Royal Society: Schools should show creationism 'respect'
It's not as bad as it seems
Updated The Royal Society has backed the discussion of creationism in school science classes, kicking off what promises to be a spectacular row amongst the country’s top boffins.
The boffinry talking-shop’s director of education told the British Association’s festival of science in Liverpool that creationism should be examined in school science classes as a legitimate point of view.
Michael Reiss, who is both a professor of biology and a Church of England clergyman, took the position that with ten per cent of UK school children coming from families with creationist leanings, teachers should convey a message of “respect” for those beliefs while continuing to teach evolution.
Ultimately, Reiss said, such children were unlikely to change their minds, but at least could be encouraged to view evolution as one way of understanding the universe.
Even more controversially, perhaps, The Royal Society told the Times that Reiss’ position reflected that of the society, on the basis that “teachers need to be in a position to be able to discuss science theories and explain why evolution is a sound scientific theory and why creationism isn’t”.
Sadly, Reiss’ plea for understanding is more likely to spark an almighty punch-up – if not in classrooms then certainly in the scientific and educational community.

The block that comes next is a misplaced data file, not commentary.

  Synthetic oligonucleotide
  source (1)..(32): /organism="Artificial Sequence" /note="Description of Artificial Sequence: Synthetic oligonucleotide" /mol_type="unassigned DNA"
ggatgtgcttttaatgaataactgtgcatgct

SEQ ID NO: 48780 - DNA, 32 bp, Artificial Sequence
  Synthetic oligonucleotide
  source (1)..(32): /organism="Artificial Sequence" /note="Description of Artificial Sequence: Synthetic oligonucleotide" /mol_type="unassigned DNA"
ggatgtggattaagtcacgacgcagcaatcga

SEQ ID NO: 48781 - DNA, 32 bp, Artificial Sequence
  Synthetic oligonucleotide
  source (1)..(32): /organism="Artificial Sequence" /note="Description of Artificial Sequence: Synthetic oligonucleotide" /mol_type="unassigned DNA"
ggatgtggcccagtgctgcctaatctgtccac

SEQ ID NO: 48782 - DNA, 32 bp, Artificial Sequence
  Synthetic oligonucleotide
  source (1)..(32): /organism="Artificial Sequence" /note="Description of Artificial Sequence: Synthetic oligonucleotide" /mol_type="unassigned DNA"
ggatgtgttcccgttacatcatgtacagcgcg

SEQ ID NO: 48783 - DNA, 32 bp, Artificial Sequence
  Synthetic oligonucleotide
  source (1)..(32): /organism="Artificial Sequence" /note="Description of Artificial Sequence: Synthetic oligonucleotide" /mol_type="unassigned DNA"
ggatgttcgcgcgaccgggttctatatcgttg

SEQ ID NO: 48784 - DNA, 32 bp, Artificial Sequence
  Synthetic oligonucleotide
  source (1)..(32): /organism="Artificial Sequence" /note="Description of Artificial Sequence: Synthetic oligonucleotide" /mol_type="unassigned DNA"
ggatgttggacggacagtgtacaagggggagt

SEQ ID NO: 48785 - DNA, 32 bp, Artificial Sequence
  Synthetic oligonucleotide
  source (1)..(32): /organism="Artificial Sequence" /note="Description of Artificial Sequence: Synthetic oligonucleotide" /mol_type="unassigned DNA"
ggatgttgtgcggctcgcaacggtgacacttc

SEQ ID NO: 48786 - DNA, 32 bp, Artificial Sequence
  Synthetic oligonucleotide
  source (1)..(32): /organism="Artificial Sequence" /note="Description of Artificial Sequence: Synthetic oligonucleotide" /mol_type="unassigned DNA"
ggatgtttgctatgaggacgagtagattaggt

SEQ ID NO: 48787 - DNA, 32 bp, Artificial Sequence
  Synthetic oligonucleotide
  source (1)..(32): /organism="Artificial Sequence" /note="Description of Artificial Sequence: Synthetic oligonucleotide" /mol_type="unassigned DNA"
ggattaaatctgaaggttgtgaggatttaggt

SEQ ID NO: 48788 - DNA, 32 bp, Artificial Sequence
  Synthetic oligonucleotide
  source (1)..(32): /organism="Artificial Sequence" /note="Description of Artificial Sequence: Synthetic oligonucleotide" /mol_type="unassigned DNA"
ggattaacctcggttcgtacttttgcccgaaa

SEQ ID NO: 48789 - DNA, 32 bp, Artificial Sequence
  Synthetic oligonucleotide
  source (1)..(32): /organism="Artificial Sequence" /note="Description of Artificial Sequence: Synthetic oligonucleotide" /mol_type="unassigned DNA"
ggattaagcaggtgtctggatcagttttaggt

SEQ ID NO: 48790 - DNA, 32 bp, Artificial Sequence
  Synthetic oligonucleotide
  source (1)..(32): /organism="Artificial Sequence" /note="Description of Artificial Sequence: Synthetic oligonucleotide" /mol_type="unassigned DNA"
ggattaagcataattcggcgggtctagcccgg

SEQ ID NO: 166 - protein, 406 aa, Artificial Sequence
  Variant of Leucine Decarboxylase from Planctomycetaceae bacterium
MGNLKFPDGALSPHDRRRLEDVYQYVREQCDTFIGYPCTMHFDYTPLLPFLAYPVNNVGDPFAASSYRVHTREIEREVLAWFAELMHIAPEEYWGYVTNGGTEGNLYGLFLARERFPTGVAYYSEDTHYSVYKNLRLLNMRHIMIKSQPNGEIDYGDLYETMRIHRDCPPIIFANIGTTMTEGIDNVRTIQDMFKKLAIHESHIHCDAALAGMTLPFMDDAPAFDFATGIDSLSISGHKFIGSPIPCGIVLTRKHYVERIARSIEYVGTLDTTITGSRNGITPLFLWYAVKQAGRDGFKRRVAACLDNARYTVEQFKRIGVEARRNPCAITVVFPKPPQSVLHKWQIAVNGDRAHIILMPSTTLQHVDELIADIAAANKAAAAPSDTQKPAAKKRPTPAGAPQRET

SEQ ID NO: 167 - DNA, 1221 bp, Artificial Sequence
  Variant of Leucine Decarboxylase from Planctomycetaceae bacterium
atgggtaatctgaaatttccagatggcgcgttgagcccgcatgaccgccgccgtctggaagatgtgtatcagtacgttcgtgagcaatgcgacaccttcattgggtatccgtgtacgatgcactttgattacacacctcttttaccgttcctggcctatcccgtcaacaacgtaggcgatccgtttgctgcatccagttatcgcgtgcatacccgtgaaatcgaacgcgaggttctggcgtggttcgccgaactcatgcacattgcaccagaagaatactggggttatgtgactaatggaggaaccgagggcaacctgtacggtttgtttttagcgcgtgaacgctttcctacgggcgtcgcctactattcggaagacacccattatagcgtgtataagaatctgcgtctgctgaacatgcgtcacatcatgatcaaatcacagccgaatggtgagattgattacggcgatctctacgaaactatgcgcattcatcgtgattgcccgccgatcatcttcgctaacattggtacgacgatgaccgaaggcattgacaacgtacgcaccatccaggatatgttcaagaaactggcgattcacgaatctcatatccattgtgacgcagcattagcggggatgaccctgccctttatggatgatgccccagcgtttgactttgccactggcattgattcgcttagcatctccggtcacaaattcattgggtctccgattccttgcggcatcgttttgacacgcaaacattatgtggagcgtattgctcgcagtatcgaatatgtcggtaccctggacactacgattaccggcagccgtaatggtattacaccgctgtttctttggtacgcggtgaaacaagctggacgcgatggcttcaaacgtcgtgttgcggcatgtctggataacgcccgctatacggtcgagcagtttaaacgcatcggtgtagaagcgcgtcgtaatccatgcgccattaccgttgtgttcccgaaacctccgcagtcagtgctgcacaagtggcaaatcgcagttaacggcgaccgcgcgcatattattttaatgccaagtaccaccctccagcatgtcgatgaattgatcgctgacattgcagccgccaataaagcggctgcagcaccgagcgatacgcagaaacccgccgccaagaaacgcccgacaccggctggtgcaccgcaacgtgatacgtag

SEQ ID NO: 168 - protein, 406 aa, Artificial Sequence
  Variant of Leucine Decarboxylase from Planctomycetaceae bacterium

For a start, creationism is firmly off the national curriculum. More importantly, his fellow scientists rushed to rubbish the prospect of creationism being debated over the nation’s Bunsen burners and metre rules.
The Times wheeled out a parade of Reiss’ colleagues who said creationism shouldn’t be allowed to creep out of RE classes. Prof Lewis Wolpert of University College Medical School said “Creationism is based on faith and nothing to do with science.” John Fry, a University of Liverpool physicist said “Creationism doesn’t challenge science, it denies it.”
If the Royal Society sticks to its guns, the UK faces the bizarre prospect of creationism cropping up in the mainstream education sector, except perhaps in the nation’s Roman Catholic state schools. Back in 2005, the then Vatican chief astronomer, Fr George Coyne, lambasted intelligent design – creationism with a veneer of scientism to most - as unscientific.
Coyne is not longer the head of the observatory though, and was speaking before Pope Benedict took charge of the faithful.
Still, Father Joseph Fessio, provost of Ave Maria University in Florida, told Reuters in the wake of a Vatican meeting on evolution and creationism in 2006 that the conclusion that God created the world is not a scientific position, but a philosophical one.
"There's a controversy in the United States because there is a lack of awareness of a thing called philosophy,” Fessio said. “Evangelicals and creationists generally lack it and Catholics have it.” ®
We called the Royal Society this morning, but unsurprisingly they were all in a meeting.
However, the august body has since issued a clarification of Prof Reiss' remarks and reiterated that, "The Royal Society is opposed to creationism being taught as science."
The statement quotes Reiss saying, "Creationism has no scientific basis."
He goes on to say, "However, when young people ask questions about creationism in science classes, teachers need to be able to explain to them why evolution and the Big Bang are scientific theories but they should also take the time to explain how science works and why creationism has no scientific basis.
"I have referred to science teachers discussing creationism as a worldview'," he goes on to say, "this is not the same as lending it any scientific credibility."